The limitations to our study were that the same testing was not undertaken in all subjects to fully determine the correlations between the FCAL and various outcomes, especially cross-sectional imaging. However, at study outset, we were particularly interested in determining how clinicians would use FCAL results. A positive FCAL often triggered a clinical response, either more investigations or a change in therapy. Unfortunately, not having done imaging in all subjects, we cannot discern how many false negative FCAL tests are represented within our sample. Nonetheless, our results do show how much faith clinicians have placed in FCAL based on the medical literature since all participating clinicians were utilizing FCAL for the first time in their practices.

5. Conclusions

Our study represents a snapshot of how FCAL testing is used in monitoring disease activity in IBD in clinical practice outside the context of clinical trials. We found that in a referral population of persons with IBD, positive FCAL was significantly associated with abnormal endoscopy, elevated serum CRP, low serum Hg, and low serum albumin. While it was a small cohort that had imaging, FCAL results were not significantly associated with cross-sectional imaging evidence of disease activity, likely reflecting a weaker association with small bowel disease. Our study confirms that FCAL can be used as a surrogate marker for disease activity in IBD. However, clinicians are placing considerable faith in the test even though its role in small bowel CD requires further research. Finally, optimizing adherence to stool testing in adults is needed. If persons with IBD do not actually have the test done because they will not submit a stool sample, FCAL will not function as a useful predictor of disease activity.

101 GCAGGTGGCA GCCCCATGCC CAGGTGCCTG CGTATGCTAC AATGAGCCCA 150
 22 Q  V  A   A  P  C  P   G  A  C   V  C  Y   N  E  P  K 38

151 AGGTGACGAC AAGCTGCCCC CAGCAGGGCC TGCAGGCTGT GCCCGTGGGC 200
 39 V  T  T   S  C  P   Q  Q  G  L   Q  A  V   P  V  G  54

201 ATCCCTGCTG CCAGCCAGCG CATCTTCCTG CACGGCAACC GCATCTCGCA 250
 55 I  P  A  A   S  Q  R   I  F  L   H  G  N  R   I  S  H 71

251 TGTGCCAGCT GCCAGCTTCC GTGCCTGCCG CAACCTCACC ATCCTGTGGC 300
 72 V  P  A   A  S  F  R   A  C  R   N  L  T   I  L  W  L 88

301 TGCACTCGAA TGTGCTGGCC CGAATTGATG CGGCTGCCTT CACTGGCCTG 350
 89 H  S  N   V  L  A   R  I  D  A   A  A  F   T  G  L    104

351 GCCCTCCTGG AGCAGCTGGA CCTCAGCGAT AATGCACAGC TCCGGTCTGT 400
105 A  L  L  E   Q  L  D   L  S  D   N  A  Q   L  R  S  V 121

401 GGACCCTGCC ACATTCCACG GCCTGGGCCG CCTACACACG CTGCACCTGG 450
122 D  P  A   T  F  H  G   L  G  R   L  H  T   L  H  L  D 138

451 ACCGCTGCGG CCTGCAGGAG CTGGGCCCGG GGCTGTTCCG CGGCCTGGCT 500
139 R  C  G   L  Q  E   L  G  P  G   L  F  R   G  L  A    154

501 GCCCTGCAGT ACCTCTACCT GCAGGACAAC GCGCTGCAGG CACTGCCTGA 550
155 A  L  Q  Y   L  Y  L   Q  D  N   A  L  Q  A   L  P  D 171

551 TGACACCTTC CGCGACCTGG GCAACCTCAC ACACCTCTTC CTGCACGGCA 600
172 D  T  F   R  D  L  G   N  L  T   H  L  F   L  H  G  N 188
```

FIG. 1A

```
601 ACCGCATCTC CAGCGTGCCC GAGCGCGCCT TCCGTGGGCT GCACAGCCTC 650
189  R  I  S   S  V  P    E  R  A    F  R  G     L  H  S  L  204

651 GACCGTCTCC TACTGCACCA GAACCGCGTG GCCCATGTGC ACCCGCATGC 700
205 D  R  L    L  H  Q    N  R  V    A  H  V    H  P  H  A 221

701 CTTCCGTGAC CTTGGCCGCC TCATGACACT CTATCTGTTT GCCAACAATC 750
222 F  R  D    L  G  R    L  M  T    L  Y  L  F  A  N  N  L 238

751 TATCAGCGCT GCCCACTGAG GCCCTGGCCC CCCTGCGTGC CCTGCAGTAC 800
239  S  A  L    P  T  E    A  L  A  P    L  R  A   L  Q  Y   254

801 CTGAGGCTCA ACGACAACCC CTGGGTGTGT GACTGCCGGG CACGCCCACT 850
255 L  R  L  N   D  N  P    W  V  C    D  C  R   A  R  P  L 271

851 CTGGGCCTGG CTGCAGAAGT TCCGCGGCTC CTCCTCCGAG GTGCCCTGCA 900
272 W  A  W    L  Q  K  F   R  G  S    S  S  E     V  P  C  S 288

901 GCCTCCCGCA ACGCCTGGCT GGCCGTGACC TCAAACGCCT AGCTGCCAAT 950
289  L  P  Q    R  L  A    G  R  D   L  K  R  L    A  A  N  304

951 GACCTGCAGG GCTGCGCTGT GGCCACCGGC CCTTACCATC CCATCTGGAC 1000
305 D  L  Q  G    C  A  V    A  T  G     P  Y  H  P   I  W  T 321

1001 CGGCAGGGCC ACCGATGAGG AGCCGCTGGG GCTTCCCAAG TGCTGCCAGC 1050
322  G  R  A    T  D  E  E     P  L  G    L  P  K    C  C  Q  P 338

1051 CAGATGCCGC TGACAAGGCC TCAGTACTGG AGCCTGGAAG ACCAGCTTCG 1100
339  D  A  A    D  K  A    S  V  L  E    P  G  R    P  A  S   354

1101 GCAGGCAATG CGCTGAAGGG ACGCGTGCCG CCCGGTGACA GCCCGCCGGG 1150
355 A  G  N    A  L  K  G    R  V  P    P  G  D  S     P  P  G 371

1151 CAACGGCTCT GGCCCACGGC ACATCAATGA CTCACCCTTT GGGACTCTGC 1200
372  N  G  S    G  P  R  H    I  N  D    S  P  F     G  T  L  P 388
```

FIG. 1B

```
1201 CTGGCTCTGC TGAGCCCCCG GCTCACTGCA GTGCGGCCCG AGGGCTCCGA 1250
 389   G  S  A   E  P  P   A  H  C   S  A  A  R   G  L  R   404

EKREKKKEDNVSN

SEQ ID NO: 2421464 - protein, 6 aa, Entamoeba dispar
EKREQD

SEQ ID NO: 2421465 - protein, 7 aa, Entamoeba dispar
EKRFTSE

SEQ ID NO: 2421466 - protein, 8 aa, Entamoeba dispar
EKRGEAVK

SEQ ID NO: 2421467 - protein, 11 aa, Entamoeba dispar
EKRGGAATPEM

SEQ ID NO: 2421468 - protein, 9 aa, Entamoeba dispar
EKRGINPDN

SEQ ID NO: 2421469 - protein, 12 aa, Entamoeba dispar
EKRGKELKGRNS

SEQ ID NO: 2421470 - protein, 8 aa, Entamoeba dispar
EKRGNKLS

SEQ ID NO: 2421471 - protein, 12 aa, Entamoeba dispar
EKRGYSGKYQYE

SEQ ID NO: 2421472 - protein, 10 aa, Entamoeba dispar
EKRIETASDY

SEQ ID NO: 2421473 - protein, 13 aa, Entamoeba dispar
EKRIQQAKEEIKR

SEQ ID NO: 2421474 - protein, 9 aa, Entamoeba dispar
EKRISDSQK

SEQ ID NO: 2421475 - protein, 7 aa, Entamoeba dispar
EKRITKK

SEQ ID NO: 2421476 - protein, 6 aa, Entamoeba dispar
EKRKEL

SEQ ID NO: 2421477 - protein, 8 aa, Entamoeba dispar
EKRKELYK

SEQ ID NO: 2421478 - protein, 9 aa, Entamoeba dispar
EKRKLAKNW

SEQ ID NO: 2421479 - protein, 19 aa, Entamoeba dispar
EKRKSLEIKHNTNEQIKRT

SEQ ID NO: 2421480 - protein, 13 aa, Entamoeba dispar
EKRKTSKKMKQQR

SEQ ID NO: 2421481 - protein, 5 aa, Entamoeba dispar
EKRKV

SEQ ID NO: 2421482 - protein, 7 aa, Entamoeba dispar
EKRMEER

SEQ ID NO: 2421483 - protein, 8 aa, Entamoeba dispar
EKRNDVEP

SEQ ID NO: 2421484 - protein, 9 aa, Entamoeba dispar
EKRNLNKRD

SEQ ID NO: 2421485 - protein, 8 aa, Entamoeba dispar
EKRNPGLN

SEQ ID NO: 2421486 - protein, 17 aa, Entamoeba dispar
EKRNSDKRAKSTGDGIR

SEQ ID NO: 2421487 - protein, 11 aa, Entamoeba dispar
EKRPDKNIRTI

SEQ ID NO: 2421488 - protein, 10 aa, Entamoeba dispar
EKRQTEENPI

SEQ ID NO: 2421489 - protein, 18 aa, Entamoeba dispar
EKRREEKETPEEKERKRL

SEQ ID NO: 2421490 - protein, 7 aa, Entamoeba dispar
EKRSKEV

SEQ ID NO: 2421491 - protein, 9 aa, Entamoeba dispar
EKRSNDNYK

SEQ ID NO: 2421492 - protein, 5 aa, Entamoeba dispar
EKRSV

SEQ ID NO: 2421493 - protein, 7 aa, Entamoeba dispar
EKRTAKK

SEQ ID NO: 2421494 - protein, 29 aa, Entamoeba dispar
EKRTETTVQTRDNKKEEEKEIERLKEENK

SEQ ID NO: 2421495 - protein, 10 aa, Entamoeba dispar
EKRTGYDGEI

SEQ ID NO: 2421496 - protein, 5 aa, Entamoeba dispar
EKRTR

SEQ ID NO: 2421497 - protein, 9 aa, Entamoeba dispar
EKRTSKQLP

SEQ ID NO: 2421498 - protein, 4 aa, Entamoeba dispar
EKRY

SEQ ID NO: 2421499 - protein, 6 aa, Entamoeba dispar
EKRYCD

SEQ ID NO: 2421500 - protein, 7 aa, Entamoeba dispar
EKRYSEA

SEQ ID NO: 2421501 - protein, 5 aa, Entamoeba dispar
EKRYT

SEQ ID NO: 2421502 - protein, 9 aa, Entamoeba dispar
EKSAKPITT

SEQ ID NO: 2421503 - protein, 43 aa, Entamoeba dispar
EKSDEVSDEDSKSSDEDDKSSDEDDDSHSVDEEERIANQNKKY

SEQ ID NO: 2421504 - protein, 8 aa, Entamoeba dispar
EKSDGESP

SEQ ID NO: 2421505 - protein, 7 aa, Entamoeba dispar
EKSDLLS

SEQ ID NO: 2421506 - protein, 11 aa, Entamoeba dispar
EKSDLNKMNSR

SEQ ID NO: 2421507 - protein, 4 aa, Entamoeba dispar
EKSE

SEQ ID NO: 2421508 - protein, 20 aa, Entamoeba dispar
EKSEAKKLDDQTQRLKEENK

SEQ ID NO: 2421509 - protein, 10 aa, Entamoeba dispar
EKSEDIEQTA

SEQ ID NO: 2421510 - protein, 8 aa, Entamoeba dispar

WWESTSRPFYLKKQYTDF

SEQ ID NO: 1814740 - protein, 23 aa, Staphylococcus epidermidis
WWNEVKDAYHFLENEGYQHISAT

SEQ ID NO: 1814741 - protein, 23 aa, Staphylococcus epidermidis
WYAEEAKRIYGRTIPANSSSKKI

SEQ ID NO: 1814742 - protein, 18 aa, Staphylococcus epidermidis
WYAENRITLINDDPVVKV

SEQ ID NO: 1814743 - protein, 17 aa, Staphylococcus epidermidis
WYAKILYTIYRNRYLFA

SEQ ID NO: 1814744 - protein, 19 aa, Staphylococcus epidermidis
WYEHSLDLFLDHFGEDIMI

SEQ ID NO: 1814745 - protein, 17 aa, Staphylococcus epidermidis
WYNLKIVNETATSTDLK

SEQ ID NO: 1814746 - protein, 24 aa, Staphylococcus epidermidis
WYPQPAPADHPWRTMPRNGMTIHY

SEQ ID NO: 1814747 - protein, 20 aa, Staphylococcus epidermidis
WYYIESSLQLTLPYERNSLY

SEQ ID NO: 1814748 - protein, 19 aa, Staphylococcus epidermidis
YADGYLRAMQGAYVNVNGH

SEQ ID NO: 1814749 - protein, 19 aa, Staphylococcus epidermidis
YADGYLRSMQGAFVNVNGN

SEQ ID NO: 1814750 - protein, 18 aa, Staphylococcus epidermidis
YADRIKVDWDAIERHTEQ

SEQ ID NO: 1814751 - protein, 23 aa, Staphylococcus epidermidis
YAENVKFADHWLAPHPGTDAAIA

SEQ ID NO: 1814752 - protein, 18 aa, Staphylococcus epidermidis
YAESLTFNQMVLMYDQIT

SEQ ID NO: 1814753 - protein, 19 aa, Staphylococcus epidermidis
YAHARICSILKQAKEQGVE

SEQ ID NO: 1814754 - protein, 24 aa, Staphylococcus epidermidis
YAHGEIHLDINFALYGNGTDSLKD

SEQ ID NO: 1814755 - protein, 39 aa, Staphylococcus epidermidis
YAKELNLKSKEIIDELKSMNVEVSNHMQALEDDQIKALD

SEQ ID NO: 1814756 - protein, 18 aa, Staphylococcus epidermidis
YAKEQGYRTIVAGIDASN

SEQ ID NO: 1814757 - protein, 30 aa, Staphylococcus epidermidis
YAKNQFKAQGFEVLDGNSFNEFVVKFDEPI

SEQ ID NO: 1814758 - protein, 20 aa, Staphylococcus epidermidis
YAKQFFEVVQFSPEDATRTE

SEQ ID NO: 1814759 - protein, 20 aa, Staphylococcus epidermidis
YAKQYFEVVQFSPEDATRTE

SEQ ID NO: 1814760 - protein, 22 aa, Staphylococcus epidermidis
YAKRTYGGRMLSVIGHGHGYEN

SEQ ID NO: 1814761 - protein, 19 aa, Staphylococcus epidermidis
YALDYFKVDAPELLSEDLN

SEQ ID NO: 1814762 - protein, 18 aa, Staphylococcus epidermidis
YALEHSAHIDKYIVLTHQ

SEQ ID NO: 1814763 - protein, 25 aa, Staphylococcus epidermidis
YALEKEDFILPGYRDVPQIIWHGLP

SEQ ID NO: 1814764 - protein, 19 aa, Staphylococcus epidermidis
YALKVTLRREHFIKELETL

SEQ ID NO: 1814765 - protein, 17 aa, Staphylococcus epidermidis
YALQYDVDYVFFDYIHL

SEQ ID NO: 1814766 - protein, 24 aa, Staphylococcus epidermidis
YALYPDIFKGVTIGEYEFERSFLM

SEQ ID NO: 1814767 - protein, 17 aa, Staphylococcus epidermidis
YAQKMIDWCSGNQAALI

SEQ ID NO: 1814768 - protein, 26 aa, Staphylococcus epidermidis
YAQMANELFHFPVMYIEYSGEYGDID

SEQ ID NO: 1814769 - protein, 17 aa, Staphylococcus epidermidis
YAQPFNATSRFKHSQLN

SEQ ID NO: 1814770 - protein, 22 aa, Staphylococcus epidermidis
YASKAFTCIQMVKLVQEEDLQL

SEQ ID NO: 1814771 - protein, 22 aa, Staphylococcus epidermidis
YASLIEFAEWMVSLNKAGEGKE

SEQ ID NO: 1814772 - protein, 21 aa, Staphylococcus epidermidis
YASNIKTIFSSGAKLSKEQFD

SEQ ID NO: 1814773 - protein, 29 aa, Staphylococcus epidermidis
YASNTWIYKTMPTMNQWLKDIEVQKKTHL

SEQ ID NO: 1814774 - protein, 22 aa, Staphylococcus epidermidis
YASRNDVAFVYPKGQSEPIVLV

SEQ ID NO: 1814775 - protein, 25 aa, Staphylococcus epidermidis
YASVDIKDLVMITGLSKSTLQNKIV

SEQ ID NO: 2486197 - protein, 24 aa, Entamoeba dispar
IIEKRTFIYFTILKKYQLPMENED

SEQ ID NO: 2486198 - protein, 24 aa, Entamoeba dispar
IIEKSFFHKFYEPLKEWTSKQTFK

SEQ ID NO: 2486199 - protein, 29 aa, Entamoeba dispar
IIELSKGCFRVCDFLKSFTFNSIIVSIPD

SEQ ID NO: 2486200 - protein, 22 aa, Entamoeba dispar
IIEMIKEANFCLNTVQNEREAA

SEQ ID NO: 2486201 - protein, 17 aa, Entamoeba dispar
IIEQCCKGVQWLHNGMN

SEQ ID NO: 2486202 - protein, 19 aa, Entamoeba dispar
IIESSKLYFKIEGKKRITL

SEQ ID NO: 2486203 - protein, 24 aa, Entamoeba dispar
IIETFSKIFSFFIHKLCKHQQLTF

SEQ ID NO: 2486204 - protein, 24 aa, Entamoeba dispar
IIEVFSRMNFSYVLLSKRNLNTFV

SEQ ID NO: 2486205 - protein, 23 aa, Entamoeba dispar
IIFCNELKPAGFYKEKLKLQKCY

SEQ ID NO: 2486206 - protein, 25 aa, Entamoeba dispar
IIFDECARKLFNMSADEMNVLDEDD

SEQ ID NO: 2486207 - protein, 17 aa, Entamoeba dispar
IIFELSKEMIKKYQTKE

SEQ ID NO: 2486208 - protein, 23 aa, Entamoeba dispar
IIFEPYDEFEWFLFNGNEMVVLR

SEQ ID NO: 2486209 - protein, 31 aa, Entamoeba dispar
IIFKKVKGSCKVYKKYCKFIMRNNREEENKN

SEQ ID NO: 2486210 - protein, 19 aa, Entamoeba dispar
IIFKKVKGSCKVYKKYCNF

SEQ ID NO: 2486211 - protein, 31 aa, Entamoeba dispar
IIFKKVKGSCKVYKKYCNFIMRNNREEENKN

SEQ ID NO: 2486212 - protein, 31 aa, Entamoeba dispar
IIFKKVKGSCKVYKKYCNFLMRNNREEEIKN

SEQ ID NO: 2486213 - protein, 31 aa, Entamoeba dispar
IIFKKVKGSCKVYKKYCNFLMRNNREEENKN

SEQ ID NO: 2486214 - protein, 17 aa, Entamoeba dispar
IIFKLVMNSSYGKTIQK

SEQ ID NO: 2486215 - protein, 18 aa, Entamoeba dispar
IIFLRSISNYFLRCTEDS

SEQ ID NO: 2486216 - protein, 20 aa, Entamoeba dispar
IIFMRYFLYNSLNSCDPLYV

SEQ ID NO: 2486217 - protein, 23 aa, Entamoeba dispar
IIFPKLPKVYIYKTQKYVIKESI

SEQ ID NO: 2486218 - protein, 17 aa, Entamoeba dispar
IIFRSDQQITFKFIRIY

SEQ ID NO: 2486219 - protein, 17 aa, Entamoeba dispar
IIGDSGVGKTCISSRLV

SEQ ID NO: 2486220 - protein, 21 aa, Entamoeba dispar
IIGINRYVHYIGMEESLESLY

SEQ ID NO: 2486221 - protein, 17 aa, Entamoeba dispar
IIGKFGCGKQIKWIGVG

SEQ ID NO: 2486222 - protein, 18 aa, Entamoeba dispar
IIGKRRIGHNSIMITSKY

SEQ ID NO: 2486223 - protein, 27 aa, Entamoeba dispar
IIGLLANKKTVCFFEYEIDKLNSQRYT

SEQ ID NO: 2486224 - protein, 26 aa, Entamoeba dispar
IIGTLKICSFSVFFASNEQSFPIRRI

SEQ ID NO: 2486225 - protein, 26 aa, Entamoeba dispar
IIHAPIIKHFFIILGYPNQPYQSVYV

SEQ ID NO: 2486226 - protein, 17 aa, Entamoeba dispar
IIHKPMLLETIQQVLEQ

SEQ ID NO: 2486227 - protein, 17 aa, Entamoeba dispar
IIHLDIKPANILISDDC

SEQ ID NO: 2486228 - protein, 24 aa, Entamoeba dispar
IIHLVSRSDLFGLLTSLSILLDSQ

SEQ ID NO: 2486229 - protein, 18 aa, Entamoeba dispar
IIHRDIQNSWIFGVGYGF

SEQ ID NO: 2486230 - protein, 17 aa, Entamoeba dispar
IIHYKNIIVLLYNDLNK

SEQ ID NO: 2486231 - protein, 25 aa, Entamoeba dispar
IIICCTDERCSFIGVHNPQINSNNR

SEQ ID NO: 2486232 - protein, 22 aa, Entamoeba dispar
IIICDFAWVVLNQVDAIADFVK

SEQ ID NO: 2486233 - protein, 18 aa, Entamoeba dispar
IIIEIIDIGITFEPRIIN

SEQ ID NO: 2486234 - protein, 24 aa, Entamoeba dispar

Disclosure

Dr. Bernstein is supported in part by the Bingham Chair in Gastroenterology. He has served on advisory boards for Abbvie Canada, Janssen Canada, Shire Canada, Pfizer Canada, and Takeda Canada and has received unrestricted educational grants from Abbvie Canada, Janssen Canada, Shire Canada, and Takeda Canada. He has been on speaker’s bureau for Abbvie Canada and Shire Canada. Dr. Singh has served on advisory board of Pendopharm and has received research funding from Merck Canada.

Competing Interests

The authors declare that they have no competing interests.